Bettina Kast (MIA): 'During my second year of Master in International Affairs, I was collaborating with the CIES for my thesis and during a couple of months, I also worked directly on the project on policy uncertainty. Working together with Eva Bortolotti, my thesis was on investors’ policy perception in the field of e-mobility. We have established an online survey which included a choice experiment and distributed it amongst European investors. In our theses, Eva and I evaluated different parts of this survey.
The cooperation with CIES was a very nice experience, not only because of the friendliness of the people at the centre but also because of the support I received for my dissertation. Especially in the early stages of the thesis, I appreciated the guidance given by the embeddedness in the research project on financing cleantech. The overall frame of the topic was given and since Professor Noailly is knowledgeable in the field, her advice was crucial to sharpen my idea of where I want to go with my thesis and how I can get there. Throughout the entire process, Professor Noailly was eager to help with the various issues Eva and I encountered. Our frequent online sessions were not only supporting the thesis but - to be honest - also a welcome change during the lockdown days. I appreciated being part of the research project and believe it was beneficial to my study experience.'
Eva Bortolotti (MDev): 'My involvement with the CIES NRP73 research project ‘Financing investments in clean technologies’ started in the autumn semester 2019 and covered two different workstreams. The first included an assignment as research assistant to support the research of two PhD candidates. In this regard, I labeled articles on environmental policy with the final objective to contribute to the development of an index of environmental policy uncertainty through machine learning. The second workstream was instead directly linked to my Master thesis, which became part of the research project. Together with my colleague Bettina, we designed and administered a survey to European investors during the spring semester 2020. The survey included a conjoint analysis experiment to elicit policy preference of investors in the electric mobility sector, and therefore develop policy recommendations to redirect private capital to the sustainable mobility transition. Given the current health crisis, my research also expanded its scope to explore investors’ beliefs about the impact of the COVID-19 crisis on their cleantech investments.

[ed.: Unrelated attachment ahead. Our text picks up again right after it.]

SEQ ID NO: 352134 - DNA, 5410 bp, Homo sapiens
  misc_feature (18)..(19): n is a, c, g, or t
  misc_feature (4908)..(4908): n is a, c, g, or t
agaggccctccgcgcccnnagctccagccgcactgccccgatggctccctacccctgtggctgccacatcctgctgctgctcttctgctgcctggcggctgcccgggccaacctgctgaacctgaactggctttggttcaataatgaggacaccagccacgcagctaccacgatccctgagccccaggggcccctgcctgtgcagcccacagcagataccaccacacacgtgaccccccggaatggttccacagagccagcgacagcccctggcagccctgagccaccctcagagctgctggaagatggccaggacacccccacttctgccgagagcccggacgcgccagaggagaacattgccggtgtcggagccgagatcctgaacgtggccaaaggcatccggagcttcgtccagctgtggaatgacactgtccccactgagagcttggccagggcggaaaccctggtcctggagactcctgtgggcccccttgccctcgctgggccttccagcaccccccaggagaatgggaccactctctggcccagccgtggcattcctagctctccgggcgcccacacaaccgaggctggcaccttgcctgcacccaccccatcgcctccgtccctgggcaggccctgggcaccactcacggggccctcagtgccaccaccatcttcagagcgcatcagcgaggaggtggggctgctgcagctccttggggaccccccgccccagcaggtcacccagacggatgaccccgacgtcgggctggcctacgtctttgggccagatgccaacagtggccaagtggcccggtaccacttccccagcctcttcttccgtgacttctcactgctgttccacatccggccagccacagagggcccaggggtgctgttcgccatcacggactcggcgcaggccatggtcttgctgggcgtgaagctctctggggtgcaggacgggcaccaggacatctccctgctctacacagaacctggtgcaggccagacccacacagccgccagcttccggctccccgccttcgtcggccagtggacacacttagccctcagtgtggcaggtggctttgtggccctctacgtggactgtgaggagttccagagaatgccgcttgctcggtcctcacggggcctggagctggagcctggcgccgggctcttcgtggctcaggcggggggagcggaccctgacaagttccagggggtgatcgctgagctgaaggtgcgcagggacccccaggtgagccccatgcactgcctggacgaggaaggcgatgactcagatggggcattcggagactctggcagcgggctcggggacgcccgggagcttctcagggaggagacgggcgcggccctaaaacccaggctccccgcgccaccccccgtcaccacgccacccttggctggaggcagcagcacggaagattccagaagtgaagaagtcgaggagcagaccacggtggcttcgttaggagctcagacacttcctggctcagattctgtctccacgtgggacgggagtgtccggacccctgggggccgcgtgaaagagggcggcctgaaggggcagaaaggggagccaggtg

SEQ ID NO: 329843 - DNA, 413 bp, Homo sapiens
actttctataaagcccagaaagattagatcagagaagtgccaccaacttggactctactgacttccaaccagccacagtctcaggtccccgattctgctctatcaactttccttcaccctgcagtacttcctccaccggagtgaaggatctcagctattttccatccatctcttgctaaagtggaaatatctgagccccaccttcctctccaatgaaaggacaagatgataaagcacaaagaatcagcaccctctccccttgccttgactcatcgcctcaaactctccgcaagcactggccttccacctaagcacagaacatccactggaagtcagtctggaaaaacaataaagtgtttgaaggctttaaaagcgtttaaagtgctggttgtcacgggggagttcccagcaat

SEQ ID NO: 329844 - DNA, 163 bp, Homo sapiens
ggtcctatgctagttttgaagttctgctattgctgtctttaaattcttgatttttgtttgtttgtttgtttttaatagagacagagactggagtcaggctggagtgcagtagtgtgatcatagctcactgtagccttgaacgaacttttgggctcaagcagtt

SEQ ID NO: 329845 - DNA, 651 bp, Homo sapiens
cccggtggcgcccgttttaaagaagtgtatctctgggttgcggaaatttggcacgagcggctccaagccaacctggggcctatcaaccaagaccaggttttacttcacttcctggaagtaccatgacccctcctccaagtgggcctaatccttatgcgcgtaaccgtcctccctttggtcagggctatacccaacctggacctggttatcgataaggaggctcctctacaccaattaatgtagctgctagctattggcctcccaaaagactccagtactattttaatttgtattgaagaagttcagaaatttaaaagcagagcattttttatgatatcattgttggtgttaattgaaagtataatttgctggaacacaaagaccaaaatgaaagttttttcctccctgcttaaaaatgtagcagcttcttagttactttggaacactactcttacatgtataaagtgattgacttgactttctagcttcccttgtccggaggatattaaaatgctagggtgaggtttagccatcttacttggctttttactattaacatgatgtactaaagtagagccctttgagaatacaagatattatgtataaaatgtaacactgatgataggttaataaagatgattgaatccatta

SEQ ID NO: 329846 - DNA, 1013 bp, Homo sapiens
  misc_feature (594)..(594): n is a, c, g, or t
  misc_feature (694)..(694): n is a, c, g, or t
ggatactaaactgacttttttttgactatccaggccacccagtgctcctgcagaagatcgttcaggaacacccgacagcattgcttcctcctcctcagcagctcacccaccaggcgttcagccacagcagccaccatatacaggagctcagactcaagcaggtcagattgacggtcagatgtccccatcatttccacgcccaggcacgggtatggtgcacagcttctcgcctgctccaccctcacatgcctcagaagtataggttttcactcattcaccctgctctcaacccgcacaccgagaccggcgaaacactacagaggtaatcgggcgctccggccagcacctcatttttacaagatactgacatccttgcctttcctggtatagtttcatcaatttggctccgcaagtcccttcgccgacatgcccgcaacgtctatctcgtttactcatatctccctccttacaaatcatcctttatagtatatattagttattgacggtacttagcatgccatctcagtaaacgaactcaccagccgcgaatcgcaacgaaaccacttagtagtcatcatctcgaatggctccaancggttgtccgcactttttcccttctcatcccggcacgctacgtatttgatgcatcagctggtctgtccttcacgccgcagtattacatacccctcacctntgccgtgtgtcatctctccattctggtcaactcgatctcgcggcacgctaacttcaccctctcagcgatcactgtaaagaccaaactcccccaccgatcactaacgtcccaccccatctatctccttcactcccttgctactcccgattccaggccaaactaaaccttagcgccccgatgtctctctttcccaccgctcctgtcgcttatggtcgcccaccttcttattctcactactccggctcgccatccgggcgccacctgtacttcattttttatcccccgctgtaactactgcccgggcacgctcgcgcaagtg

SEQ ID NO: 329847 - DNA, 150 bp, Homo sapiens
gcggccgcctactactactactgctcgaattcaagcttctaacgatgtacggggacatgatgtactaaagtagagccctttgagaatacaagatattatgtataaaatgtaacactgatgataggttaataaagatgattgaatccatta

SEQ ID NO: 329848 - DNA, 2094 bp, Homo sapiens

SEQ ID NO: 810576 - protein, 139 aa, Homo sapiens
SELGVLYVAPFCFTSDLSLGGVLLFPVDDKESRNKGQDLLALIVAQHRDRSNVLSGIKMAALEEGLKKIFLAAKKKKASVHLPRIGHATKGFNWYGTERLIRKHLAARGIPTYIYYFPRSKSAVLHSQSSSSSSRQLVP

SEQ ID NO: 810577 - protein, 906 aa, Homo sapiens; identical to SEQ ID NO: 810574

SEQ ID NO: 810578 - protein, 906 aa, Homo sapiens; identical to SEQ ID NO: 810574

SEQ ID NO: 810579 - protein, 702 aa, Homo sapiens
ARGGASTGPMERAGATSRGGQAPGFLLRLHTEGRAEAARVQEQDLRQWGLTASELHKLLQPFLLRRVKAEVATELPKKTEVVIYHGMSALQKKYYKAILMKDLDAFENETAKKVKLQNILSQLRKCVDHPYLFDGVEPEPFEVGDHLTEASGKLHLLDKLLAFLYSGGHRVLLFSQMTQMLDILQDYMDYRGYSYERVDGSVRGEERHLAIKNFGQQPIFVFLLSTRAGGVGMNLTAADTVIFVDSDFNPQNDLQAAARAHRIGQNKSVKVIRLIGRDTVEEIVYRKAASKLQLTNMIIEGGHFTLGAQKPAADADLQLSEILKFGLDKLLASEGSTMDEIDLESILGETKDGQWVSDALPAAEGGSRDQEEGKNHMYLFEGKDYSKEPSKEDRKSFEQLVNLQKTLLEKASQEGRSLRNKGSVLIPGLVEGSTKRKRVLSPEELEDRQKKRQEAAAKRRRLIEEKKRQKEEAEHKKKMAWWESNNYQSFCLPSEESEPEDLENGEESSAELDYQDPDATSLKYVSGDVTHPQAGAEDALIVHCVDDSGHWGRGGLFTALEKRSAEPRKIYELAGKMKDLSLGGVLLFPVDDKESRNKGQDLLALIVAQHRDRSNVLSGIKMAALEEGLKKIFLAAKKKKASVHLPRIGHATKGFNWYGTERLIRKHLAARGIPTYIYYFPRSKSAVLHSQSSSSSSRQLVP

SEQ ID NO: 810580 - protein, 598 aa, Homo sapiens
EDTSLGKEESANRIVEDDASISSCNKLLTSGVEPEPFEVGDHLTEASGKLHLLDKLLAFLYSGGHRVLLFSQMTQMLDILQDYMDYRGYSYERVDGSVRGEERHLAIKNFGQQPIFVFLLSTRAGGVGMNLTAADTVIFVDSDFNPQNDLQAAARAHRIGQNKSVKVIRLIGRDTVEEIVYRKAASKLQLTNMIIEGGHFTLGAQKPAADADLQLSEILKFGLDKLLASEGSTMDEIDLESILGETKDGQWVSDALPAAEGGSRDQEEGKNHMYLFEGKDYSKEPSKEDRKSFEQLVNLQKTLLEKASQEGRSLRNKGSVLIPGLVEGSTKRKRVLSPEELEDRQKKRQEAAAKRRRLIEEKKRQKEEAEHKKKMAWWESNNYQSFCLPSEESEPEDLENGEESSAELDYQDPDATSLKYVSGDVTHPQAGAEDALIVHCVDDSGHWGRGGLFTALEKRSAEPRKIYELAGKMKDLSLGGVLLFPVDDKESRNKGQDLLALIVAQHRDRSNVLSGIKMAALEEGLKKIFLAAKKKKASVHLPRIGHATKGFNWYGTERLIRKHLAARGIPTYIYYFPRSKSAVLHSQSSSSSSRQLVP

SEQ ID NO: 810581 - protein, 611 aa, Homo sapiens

Working with CIES gave me unique insights of the day-to-day work of a research center and the structure of a PhD project. It shed light on the different steps involved in doctoral research and the use of machine learning techniques. In the context of the thesis, it also gave me the opportunity to interact with a range of both academic and non-academic actors. For example, I attended NRP73 research project partners meeting at EPFL, where I met both the industry and policy partners, discovering the interests of actors as Switzerland Global Enterprise and the OECD towards these streams of research. In order to collect contacts of investors and better understand the cleantech investment landscape, I attended the Energy Star-Up Day happening in Zurich in November 2019.
Overall, writing the thesis in relation to the research project has been both challenging and rewarding. It helped me to understand the value of exploring very new streams of research to develop policy-relevant findings, and to quickly adapt the research design in response to the relevant events of the COVID-19 pandemic. It taught me the value of teamwork, cooperation and informed confrontation with other researchers. Students of the Graduate Institute are very lucky to experience an academic environment very close to the reality of research, a unique opportunity that every Master student should be aware of.'